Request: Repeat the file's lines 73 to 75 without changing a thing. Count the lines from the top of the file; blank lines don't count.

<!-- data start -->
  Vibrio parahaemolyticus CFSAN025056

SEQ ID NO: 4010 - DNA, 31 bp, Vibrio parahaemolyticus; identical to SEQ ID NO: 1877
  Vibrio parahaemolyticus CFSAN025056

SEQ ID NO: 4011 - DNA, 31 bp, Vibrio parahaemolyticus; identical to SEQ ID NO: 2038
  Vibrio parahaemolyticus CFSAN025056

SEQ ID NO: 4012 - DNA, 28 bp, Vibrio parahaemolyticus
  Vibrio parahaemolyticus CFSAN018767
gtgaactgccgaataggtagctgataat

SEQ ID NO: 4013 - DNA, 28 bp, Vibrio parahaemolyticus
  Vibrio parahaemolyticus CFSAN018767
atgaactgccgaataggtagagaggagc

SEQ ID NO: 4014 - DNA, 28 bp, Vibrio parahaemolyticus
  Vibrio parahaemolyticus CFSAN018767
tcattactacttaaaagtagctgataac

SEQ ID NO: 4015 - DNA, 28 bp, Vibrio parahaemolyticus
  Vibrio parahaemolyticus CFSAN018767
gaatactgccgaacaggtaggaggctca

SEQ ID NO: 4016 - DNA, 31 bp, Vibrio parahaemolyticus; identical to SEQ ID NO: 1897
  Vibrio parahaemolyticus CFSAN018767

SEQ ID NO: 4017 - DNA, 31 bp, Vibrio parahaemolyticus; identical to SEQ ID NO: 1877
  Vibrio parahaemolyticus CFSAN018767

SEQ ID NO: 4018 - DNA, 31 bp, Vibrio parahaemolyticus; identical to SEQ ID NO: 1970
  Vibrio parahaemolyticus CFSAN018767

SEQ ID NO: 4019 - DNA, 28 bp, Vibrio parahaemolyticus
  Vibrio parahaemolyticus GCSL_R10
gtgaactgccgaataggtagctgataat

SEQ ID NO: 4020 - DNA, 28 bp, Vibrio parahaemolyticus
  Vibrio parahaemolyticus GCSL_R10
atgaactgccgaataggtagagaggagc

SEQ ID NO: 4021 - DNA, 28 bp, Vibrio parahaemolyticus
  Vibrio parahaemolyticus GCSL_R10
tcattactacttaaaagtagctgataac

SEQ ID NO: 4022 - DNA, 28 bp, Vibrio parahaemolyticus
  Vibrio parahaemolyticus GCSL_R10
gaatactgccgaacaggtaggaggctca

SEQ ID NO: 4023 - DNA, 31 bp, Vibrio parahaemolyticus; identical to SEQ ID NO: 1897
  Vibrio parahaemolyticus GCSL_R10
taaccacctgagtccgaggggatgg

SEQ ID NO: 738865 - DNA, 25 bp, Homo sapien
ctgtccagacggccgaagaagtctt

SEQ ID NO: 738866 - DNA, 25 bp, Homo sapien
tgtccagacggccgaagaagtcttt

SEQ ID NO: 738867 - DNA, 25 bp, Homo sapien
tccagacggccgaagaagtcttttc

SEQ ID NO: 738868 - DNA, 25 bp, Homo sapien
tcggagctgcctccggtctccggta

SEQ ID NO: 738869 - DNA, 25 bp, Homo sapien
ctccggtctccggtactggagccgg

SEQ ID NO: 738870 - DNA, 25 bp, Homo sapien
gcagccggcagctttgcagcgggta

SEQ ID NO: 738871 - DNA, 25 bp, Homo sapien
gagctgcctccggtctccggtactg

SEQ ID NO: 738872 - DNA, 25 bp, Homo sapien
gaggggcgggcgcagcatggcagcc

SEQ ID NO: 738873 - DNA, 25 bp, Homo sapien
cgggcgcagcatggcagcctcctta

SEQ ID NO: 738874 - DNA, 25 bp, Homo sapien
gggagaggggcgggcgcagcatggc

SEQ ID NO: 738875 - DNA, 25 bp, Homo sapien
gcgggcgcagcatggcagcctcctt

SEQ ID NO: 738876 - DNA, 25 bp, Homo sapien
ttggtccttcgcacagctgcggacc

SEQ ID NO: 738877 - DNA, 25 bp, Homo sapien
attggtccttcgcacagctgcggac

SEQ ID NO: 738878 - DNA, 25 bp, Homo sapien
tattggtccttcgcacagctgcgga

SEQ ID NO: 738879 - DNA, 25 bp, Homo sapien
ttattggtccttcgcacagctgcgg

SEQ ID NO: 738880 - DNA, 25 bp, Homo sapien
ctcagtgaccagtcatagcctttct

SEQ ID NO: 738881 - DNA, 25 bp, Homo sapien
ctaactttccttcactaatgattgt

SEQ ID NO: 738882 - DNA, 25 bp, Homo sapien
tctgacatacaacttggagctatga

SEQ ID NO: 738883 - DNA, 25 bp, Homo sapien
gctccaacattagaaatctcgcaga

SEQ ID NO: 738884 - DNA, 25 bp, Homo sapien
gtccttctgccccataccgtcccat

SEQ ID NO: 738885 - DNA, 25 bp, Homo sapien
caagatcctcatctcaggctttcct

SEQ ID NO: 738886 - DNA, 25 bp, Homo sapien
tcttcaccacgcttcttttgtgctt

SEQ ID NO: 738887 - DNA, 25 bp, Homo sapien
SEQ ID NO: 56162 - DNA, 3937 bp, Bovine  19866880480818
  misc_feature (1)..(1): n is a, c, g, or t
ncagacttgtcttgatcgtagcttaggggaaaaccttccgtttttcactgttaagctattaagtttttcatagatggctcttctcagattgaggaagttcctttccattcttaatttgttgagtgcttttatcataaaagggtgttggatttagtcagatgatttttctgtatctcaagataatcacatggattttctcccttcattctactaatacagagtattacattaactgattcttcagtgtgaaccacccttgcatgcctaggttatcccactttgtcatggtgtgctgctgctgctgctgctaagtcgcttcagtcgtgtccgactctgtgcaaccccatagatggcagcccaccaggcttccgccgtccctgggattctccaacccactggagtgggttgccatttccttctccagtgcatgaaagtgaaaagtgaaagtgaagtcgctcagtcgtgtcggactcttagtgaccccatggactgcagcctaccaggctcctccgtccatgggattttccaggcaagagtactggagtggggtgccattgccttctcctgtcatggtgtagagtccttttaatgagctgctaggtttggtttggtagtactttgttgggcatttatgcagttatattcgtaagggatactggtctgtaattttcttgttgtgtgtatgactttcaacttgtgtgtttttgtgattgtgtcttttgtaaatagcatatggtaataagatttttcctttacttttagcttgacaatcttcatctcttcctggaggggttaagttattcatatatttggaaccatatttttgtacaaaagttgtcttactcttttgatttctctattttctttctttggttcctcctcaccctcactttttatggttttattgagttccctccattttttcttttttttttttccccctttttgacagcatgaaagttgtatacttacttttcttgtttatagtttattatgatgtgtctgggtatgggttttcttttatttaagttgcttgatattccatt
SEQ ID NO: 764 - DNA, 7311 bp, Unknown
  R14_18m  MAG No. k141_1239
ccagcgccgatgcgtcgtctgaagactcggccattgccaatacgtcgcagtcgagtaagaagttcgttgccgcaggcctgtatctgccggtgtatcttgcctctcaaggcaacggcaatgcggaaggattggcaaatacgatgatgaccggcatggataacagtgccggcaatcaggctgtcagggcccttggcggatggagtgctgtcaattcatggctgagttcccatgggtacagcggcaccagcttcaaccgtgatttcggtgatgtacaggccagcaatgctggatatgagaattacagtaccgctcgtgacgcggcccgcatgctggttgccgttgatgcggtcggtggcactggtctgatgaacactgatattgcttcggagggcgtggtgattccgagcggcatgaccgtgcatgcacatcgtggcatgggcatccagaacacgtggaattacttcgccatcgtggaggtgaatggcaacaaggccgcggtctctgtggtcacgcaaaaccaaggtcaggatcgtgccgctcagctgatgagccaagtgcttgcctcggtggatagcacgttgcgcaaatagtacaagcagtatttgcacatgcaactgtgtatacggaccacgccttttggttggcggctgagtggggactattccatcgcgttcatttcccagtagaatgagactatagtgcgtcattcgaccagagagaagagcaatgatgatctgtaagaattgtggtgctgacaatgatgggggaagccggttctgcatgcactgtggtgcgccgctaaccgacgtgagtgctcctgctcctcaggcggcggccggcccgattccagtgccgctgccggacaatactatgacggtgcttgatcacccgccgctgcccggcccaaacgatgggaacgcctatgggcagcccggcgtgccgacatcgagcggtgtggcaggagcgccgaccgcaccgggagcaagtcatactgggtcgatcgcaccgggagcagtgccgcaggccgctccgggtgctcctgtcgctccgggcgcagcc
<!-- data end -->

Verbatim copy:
SEQ ID NO: 738882 - DNA, 25 bp, Homo sapien
tctgacatacaacttggagctatga

SEQ ID NO: 738883 - DNA, 25 bp, Homo sapien